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dc.contributor.advisorChanse, Victoriaen_US
dc.contributor.authorFerguson, Katherineen_US
dc.date.accessioned2019-06-20T05:43:41Z
dc.date.available2019-06-20T05:43:41Z
dc.date.issued2019en_US
dc.identifierhttps://doi.org/10.13016/0tqm-bdos
dc.identifier.urihttp://hdl.handle.net/1903/22056
dc.description.abstractThis design-research thesis explores the educational benefits of outdoor experiential learning for children, particularly in urban areas, and proposes a redesign of a 100-acre urban park to serve as an educational resource. This thesis first develops a theoretical framework based on research that nature can have restorative effects on attention that improve learning and behavior (Berman, Jonides, & Kaplan, 2008; Kaplan, 1995; Matsuoka, 2010). The focus of this thesis is Oxon Run Park located in Southeast Washington, DC. The proposed redesign includes educational spaces that can be visited and experienced by the local community or school classes, while focus areas at targeted locations concentrate educational resources that can enhance classroom learning. The research and redesign of Oxon Run Park addresses the question of how public spaces can be designed to serve as educational resources.en_US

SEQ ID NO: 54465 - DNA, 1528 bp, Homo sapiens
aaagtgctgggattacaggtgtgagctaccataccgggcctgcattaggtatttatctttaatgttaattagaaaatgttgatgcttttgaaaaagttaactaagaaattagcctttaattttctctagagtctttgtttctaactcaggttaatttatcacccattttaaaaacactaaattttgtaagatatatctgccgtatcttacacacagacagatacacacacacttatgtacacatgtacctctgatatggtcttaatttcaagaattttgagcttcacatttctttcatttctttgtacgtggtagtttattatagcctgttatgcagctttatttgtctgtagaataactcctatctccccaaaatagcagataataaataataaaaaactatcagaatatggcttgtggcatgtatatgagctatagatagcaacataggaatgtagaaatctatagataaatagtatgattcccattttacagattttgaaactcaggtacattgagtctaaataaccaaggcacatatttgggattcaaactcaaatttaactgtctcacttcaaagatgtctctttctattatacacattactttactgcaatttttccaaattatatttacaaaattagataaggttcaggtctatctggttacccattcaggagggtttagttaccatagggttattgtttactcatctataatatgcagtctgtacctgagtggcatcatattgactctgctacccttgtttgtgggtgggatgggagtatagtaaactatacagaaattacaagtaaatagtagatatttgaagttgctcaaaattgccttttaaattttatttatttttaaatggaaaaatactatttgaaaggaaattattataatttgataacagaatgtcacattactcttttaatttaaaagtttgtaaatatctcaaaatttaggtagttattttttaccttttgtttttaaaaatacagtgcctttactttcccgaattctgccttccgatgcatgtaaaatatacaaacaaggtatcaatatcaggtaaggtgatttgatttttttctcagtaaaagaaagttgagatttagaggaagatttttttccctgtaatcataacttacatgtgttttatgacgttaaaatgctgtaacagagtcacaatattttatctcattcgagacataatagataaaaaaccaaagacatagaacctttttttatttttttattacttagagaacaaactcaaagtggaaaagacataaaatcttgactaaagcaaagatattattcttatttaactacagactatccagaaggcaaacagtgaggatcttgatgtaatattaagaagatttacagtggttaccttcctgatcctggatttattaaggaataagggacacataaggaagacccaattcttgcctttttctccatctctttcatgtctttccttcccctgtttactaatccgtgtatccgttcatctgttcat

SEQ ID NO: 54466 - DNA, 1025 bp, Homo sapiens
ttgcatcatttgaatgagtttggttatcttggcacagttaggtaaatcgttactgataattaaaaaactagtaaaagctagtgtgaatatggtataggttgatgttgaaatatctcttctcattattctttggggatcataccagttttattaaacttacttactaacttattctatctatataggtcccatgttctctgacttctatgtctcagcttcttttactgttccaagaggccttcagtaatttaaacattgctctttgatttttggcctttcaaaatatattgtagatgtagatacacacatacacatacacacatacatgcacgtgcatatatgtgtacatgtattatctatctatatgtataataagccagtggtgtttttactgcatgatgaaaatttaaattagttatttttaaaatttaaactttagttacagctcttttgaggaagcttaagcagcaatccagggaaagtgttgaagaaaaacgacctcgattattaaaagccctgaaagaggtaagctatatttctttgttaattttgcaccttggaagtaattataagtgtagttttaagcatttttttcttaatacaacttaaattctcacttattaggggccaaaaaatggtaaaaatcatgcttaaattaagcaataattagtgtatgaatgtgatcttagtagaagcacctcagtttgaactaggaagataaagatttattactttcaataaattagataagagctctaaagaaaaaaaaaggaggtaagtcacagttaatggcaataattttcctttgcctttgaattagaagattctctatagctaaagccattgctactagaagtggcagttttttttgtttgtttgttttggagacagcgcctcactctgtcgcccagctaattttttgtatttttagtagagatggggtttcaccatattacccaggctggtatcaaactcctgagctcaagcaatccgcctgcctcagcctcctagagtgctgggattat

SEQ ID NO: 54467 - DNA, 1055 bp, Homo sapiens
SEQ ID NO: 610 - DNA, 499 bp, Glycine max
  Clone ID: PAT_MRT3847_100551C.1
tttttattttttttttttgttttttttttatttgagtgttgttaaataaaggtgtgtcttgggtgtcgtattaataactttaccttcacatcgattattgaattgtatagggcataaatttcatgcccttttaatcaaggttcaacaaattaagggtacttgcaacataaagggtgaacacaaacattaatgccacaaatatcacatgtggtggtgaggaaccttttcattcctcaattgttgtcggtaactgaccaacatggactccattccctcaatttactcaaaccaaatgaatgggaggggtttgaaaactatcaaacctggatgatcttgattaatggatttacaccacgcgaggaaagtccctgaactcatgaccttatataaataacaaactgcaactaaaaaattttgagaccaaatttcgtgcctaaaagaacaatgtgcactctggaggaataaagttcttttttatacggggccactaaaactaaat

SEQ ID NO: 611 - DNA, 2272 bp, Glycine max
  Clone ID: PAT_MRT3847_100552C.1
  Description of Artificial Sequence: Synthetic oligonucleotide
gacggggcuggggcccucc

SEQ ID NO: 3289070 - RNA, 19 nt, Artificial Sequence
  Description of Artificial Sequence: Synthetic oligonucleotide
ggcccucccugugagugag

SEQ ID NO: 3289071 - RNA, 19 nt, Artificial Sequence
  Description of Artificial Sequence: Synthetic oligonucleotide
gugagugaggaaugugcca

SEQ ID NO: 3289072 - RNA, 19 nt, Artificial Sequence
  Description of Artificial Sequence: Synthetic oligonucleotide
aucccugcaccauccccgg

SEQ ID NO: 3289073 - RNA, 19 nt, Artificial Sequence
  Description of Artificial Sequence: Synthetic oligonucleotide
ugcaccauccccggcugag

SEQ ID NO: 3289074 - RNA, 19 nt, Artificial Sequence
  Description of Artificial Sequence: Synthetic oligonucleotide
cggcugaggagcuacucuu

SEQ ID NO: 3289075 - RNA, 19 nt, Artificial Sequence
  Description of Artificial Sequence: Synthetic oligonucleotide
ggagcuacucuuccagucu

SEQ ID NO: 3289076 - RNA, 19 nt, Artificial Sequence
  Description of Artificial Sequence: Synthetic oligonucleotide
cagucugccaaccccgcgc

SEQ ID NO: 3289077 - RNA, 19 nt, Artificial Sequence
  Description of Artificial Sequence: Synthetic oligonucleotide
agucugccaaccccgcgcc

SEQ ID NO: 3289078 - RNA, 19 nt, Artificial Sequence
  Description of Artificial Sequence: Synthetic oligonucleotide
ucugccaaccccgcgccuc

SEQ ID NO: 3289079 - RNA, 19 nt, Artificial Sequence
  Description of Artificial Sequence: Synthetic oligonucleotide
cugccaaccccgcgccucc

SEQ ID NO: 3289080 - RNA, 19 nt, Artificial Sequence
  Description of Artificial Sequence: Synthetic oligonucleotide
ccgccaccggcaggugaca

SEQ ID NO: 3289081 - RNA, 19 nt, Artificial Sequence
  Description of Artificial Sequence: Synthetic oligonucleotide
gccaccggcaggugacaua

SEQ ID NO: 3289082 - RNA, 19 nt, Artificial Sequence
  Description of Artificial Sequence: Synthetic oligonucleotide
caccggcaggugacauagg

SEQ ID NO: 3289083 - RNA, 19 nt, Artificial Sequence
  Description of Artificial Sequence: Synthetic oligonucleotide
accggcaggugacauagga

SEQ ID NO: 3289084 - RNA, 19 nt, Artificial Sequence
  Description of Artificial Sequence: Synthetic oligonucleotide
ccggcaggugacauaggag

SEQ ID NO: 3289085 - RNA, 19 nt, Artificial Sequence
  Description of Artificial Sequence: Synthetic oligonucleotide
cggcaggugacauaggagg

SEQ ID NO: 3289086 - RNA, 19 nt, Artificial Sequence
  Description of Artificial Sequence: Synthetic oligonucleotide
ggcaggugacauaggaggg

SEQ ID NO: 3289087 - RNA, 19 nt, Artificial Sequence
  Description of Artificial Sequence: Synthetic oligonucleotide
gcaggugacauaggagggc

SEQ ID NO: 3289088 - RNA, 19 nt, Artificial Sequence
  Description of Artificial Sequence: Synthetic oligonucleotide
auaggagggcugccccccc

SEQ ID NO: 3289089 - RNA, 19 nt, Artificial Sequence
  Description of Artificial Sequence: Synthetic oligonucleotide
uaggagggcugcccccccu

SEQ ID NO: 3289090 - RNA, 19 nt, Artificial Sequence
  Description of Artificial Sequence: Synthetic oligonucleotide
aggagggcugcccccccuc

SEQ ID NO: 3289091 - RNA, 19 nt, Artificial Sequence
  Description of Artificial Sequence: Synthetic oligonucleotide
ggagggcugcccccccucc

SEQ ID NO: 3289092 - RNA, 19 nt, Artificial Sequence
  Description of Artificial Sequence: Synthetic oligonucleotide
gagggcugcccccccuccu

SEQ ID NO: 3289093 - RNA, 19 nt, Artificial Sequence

dc.language.isoenen_US
dc.titleEXPERIENTIAL LANDSCAPE DESIGN FOR EDUCATION: OXON RUN PARK AS A REGIONAL EDUCATION RESOURCEen_US
dc.typeThesisen_US
dc.contributor.publisherDigital Repository at the University of Marylanden_US
dc.contributor.publisherUniversity of Maryland (College Park, Md.)en_US
dc.contributor.departmentPlant Science and Landscape Architecture (PLSA)en_US
dc.subject.pqcontrolledLandscape architectureen_US
dc.subject.pquncontrollededucational landscapeen_US
dc.subject.pquncontrolledexperiential educationen_US
dc.subject.pquncontrolledlandscape designen_US
dc.subject.pquncontrolledurban parken_US


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